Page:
At the beginning of time, when the universe was but a few moments old, bathed in radiation so intense that not even atoms could coalesce, might not a creature have formed, its unknowable body composed of a bundle of ultrahigh-energy photons and ripples in the fabric of gravity, a creature so perfectly equipped to feed on the near-infinite free energy that permeated all of space? And as the universe began to cool, and the energy began to solidify into atoms, and this inscrutable creature began to go extinct as the energy diffused into the expanding vacuum, it will think "Wow...the universe is really becoming's going to be really cold, and the energy really scarce, for eternity."

In the heart of a supermassive star, might not an organism form as patterns of electrons within the core, a core compressed so tightly that it becomes a type of matter with which we are totally unfamiliar, and begin to reproduce in the abundant soup of free, fast-moving electrons and the bath of stupendous energy around it? As these organisms reach the threshold of consciousness, and begin to study the external universe, they will think, "Wow...outside of the Home Star, the universe is a really cold, frozen, and dead place. Nothing can possibly be living out there."

Above the surface of an average black hole, orbiting along with the light bent from its path by the tremendous gravitational force, might not an organism be born from the speeding, doomed particles of matter, reproducing and feeing on the energy drawn from the gravitational field, a field so intense that we really have nothing with which to compare it? They will think, "Wow...out there in the rest of the universe, the gravitational fields are so weak. How can anything possibly survive."

On the smallest scales of space, over the smallest time intervals, might not an organism come about that lives and dies so quickly and so microscopically that none of the other life that has ever existed might even begin to take notice of it? In the infinitesimal flashes that comprise a few generations of these creatures, they will look about and think, "Wow...the rest of the universe moves and evolves so slowly, nothing at all like us. Looks like life can't exist anywhere else in the universe."

Somewhere in here, is us. Humble humanity, many of whom believe that the fact that we have not received signals from carbon-based organisms biologically identical to us means that no extraterrestrial life exists at all.

Out in the cold darkness of the deep, might not a life form coalesce from the sparse hydrogen crystals and fragments of carbon dust, floating for eons through empty space until it falls into orbit around a mighty star? Feeding on energy from this star's demise in a supernova, a grand flare of light and a blast of superheated gas – brighter for a moment than any galaxy – it will ride out into the darkness on the current of hot gas. As it floats by minor stars and average planets, they will think, "Wow...the energy falling on that planet is so weak and long-lived. There's no way anything can survive in any real way on such limited energy."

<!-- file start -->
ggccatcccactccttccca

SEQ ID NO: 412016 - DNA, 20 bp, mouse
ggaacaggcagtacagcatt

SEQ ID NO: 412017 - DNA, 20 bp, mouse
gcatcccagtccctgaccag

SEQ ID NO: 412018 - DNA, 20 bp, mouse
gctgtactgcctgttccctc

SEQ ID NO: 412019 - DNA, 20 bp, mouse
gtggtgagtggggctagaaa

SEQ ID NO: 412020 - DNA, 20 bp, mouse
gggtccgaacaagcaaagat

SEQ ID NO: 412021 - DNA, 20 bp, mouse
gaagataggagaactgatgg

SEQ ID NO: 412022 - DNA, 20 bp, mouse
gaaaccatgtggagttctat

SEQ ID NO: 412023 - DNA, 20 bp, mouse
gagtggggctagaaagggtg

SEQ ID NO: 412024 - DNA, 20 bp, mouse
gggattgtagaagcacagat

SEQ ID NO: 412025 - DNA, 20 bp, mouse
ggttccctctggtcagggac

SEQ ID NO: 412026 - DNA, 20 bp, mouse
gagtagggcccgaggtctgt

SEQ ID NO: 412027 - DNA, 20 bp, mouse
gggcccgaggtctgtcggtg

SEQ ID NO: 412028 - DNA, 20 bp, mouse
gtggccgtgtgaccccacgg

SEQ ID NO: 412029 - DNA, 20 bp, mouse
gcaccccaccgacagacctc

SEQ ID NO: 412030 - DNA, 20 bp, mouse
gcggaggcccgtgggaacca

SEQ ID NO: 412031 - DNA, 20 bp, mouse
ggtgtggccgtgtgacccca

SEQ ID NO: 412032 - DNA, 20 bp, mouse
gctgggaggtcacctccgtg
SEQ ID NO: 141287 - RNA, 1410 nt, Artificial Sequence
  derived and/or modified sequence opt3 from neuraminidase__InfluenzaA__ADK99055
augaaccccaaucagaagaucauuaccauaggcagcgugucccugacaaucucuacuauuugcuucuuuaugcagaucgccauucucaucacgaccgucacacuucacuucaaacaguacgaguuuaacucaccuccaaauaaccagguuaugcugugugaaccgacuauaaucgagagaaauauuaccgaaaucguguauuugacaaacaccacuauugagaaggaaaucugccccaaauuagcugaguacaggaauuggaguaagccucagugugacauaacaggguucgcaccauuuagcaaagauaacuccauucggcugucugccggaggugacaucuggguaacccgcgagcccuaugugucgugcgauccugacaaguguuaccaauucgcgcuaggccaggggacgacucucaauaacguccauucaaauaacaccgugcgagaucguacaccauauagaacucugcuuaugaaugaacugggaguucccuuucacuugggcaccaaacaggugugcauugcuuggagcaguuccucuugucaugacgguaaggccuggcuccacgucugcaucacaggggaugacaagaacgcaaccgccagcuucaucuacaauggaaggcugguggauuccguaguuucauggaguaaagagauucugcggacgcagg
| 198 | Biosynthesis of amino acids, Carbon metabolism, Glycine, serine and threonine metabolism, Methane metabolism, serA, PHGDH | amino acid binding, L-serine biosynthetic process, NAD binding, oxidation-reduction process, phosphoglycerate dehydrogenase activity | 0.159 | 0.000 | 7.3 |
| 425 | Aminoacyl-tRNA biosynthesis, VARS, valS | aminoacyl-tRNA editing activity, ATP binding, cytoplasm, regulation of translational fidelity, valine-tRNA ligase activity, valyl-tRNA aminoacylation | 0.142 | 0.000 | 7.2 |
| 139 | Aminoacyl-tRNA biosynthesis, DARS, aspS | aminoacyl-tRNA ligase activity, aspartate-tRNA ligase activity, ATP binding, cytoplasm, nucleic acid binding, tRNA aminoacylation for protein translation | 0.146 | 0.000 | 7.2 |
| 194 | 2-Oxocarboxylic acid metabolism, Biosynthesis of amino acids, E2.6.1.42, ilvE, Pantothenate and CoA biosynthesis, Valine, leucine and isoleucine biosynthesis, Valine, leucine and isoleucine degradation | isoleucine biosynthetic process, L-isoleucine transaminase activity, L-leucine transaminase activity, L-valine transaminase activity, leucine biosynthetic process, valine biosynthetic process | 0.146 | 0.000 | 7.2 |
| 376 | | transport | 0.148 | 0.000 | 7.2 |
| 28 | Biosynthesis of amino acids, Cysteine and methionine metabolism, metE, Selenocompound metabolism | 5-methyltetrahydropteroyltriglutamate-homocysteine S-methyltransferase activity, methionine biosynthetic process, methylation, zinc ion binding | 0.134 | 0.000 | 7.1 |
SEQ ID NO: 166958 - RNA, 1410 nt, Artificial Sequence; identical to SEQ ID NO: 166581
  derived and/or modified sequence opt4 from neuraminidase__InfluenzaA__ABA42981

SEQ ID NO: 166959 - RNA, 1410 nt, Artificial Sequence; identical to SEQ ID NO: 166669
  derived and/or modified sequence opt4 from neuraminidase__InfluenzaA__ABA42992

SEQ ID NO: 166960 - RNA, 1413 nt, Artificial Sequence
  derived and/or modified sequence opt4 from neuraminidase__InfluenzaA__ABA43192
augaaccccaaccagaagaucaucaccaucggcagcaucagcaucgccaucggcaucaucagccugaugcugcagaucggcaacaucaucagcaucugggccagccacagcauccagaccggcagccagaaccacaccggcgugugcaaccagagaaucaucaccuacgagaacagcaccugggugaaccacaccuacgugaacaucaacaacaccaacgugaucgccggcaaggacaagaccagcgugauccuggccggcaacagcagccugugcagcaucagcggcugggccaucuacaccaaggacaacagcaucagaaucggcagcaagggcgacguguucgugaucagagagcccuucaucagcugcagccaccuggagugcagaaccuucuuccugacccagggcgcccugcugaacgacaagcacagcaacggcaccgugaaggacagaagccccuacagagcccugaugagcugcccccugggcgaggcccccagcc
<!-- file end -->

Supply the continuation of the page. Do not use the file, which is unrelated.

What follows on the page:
In a hunk of Uranium slowly decaying under the crust of an unregarded planet, might an organism arise composed of the stray particles of radioactive decay, bound together by the strange forces that hold together the atomic nucleus? Spreading through the Uranium, slowly rising to the surface where it feeds on the stray cosmic ray particles, so much like the radiation it loves, this organism will, for the first time, observe the universe beyond their Uranium ingot. They will think, " little of the universe consists of solid would seem that, if other life exists, it's probably very far away. That's too bad."

At the end of time, when the universe is far vaster than it is today, and all the free energy has dissipated into the darkness of the deep, and the only reminders of what had been are the frozen carbon stars and the errant plants cast free from their long-dead systems, might not an intelligence form? From stray photons and the remaining handful of viable electrons, it will arise. Feeding on the scant energy still locked up in decaying matter and errant cosmic particles, it will learn slowly, think slowly, grow slowly. But it will grow, and learn, and think, and in time perhaps its consciousness will dawn. And when it does, it will look at the remnants of what used to be, and think about the time and the universe – by then long gone – that we call home. It will think, "Wow...I'm glad I got here when I did. The universe used to be really hot and unpleasant and uninhabitable."

On the longest of time scales, scales that make the lifetimes of planets, even of stars, seem like rapid flashes, might not an organism evolve, forming from the slowest processes in the universe? As the universe flashes around them, slowly decaying into cold, dead nothingness, they will think, "Wow...everything but our little pocket of space goes by so quickly...there's no way thinking organisms could possibly become complex in such a hurry. There must be no other life in the universe."

None of these would ever make contact with another. All the other life in the universe would be too early, too late, too hot, too cold, too dense, too sparse, too large, too small, too fast, or too slow to even be noticed. They will all think, "Since no life like me exists, then the universe must be without life."